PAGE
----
Learn how breast cancer patients sometimes have good days, days where they are feeling better and the medication side effects are not so strong.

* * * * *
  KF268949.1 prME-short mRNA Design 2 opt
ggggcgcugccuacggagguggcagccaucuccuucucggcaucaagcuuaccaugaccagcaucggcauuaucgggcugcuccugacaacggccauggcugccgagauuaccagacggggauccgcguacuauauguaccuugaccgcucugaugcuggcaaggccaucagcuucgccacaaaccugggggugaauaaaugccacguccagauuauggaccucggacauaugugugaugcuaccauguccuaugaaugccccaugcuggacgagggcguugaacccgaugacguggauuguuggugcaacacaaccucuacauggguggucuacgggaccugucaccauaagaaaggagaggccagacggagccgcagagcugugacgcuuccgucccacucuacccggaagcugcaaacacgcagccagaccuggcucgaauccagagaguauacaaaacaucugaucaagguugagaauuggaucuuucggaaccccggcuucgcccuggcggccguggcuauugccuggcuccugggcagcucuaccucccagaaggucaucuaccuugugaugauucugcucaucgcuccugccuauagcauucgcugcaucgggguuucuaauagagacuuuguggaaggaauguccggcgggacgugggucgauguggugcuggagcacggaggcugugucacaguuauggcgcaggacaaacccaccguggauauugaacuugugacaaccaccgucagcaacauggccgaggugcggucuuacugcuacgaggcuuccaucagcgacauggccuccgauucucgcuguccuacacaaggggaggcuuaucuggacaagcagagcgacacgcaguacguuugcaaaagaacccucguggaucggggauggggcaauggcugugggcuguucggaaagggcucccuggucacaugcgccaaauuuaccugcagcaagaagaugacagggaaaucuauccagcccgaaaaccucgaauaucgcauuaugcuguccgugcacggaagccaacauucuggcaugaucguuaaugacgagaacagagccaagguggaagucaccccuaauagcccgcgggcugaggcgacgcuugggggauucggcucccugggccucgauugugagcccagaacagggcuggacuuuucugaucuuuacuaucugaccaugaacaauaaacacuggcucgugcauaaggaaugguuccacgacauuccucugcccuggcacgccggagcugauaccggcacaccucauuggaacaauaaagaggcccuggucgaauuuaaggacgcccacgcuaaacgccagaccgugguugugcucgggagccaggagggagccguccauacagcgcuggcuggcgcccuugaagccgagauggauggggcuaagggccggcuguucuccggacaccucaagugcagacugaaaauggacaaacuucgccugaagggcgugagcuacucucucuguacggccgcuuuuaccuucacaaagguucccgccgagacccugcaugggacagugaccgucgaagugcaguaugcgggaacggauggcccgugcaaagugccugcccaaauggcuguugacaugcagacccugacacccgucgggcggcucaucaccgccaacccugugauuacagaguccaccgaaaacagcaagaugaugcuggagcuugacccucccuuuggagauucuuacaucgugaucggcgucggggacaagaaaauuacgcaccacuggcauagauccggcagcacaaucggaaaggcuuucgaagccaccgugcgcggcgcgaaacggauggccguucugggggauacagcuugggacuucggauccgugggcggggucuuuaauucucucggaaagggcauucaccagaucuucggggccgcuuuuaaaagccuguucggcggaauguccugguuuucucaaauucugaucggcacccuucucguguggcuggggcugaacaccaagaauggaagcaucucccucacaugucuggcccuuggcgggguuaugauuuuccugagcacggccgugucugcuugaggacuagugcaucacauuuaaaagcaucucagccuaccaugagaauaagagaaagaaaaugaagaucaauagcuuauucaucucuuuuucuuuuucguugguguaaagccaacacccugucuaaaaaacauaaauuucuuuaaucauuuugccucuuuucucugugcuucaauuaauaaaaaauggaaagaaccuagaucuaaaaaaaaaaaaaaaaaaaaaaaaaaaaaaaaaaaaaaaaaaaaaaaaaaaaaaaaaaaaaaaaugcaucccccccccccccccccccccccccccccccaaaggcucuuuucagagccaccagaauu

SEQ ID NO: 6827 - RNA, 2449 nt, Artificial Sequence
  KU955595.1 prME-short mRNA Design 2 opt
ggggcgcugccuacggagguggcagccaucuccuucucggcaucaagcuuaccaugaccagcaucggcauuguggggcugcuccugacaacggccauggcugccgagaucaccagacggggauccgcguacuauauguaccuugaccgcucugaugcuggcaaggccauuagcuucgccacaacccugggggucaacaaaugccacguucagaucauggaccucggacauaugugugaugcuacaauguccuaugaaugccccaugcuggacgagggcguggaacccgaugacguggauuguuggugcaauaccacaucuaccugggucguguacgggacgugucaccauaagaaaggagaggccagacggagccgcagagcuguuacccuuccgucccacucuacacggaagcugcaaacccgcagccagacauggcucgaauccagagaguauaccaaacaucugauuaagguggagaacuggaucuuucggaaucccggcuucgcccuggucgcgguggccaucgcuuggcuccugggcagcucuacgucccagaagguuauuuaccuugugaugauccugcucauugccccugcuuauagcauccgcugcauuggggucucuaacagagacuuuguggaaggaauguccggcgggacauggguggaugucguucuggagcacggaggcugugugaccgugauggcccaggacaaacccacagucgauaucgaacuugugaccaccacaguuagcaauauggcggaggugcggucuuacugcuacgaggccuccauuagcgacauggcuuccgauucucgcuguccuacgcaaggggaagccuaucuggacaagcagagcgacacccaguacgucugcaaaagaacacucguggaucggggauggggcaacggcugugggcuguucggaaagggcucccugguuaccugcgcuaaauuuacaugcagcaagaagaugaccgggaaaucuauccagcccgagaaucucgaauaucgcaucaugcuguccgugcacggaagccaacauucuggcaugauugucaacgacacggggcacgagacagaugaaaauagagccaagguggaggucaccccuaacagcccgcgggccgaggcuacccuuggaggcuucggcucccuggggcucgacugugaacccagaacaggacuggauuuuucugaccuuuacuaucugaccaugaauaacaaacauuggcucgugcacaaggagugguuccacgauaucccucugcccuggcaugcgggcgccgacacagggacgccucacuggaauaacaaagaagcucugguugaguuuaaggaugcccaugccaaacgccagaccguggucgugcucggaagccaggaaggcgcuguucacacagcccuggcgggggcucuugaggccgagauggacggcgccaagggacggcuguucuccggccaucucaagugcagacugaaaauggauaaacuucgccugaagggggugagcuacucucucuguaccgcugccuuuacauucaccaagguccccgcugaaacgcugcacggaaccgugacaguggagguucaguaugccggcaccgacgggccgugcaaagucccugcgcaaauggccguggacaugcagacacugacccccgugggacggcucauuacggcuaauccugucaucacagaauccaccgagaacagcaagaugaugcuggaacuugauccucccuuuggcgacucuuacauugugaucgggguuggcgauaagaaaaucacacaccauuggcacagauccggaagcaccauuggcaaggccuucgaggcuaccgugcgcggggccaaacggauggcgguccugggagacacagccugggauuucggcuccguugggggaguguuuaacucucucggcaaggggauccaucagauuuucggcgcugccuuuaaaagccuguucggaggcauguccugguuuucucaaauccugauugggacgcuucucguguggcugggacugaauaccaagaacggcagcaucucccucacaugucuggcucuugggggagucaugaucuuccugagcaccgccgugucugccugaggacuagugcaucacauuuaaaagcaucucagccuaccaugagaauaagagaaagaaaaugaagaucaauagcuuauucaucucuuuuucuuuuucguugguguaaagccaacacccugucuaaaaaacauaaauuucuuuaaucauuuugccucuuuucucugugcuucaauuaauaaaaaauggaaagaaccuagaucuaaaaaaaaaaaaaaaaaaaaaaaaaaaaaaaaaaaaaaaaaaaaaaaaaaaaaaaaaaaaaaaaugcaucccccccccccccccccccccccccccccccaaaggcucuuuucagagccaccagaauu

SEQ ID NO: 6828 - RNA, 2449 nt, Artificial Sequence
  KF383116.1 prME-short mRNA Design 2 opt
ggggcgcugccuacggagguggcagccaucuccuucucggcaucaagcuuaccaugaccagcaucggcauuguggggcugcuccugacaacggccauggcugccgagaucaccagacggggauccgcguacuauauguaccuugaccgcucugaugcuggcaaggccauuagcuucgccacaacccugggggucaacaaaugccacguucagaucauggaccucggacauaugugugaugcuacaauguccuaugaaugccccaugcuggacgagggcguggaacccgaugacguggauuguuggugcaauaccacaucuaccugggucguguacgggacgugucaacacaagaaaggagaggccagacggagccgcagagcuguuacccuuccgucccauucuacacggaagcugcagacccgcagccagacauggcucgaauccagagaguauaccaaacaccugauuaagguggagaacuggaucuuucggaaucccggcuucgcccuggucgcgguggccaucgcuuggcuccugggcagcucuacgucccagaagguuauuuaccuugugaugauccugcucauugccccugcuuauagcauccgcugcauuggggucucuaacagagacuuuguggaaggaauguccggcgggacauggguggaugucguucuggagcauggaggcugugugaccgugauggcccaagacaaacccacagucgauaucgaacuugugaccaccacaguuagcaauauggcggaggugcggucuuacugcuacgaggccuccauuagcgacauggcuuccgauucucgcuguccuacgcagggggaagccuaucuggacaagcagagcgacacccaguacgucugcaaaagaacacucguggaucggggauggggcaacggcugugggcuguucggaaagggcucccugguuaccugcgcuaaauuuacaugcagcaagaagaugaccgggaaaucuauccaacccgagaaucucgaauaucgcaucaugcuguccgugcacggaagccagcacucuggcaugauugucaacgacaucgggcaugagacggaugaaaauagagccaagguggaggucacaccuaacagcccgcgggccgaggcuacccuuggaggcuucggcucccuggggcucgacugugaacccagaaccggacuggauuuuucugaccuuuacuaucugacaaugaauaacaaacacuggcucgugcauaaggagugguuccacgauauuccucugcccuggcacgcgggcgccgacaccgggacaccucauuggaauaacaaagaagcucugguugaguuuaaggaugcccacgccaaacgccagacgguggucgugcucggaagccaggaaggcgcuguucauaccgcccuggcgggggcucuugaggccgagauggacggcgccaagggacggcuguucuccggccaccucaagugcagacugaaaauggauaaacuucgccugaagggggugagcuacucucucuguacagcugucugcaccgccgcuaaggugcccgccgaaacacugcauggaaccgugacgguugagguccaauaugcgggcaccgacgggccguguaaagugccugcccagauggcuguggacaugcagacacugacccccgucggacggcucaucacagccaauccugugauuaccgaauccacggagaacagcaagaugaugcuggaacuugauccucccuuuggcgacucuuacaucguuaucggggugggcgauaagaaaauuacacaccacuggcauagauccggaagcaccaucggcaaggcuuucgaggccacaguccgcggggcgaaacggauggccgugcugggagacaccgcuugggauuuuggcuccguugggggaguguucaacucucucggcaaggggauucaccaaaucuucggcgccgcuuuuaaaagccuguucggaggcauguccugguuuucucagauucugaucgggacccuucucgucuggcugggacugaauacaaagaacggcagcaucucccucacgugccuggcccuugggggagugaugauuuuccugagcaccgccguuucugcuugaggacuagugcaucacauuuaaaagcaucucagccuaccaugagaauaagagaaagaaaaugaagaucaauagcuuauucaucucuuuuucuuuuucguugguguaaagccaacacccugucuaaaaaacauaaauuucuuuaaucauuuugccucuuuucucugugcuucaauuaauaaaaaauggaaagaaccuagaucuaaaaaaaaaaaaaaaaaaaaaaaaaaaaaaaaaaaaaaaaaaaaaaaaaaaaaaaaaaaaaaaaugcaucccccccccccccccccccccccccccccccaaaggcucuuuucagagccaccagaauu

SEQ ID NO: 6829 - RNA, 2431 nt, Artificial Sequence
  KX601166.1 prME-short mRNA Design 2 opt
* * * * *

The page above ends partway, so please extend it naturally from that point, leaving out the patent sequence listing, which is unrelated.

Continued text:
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Susan Gregory: All of your life you hear “don’t touch that it’s poison”, “don’t breath that it’s poison”, “don’t swallow that it’s poison” and then you come here and you hold out your arm and say here plug me out the poison and that is just mind boggling. I can’t really believe I’m doing this. Tim Gregory: It’s comforting to know that your love one is giving a treatment that is helping her you’ll bringing healing to her rest potential of saving her life. The other part is anticipating the after-effects of the low energy, emotionally being drained on her side and I’m trying to prepare your self to meeting those needs in her life and the next week or two. Susan Gregory: It’s really hard. It’s just heartening. It’s discouraging. It’s depressing I don’t want to do this again. In fact I even brought my glasses. I thought maybe they wouldn’t recognize me and they would kick me out and I could get out of not doing it again but it didn’t work, they saw right through it. Host: Chemo treatments have a major impact on the Gregory family but fortunately this impact are temporary. Tyler Gregory: Whenever she’s sick or anything I was like if something happens let’s go along and tell here about, I can’t because she’s sick and so just walking around the house for a lot of information in my head and just kind of looking forward to tell in there too. Libby Gregory: It’s certainly quite there because she’s not prompting us to door piano or prompting us to clean us around and the television will probably is on, on these days trying to feel the silence that’s like in the house. Susan Gregory: It’s lonesome. You have to make a choice to just let some things go and they understand that I want to be there and that I’m not and I have to just realize this is a season in my life that I can’t be as involved and believe that even though I don’t see the good in it believe that God is going to reign good out of this. Host: There are days that Susan feels good almost like she did before and the family has learned to make the most of those days. Tim Gregory: We maximize our good days by being able to read in the normal life again. So we’re able to do things that we would do in a typical weekend or a typical afternoon and it’s just a reminder that there is some normalcy that in normalcy it is ahead of us too already. Tyler Gregory: I’ve got school on time because she always wakes us up in the morning and this time she’ not what I’m feeling well she doesn’t. The day goes by seems faster and it’s not she’s kind of dragging on. Susan Gregory: How’s school? Tell me the good news. Tyler Gregory: I’m an A- minus in English. And she’s happier a day. Libby Gregory: It’s fun we have her and she help us clear our room which is on messy because she’ll play computer games and does and watch a movie with us like on Fridays and it’s more time. It’s balanced there. Susan Gregory: I just try to fit in everything I possibly can, I get all the laundry done I put my cabinets back in order because they get totally reorganized when I’m not well. I visit France, I tried to get out of the house as much as I can I cook it so one week of the month that I feel like Cooking and I spend every minute I can with my children. Host: These good days provide hope as the Gregory looks forward Susan’s recovery and the end of chemo treatments. They also serve as a reminder of what is truly important. Libby Gregory: All times spend with her as a treasure, it was before but it’s probably more now. Male: Susan has done with doctors of all breast cancer patients will do, move quickly out of any state of denial.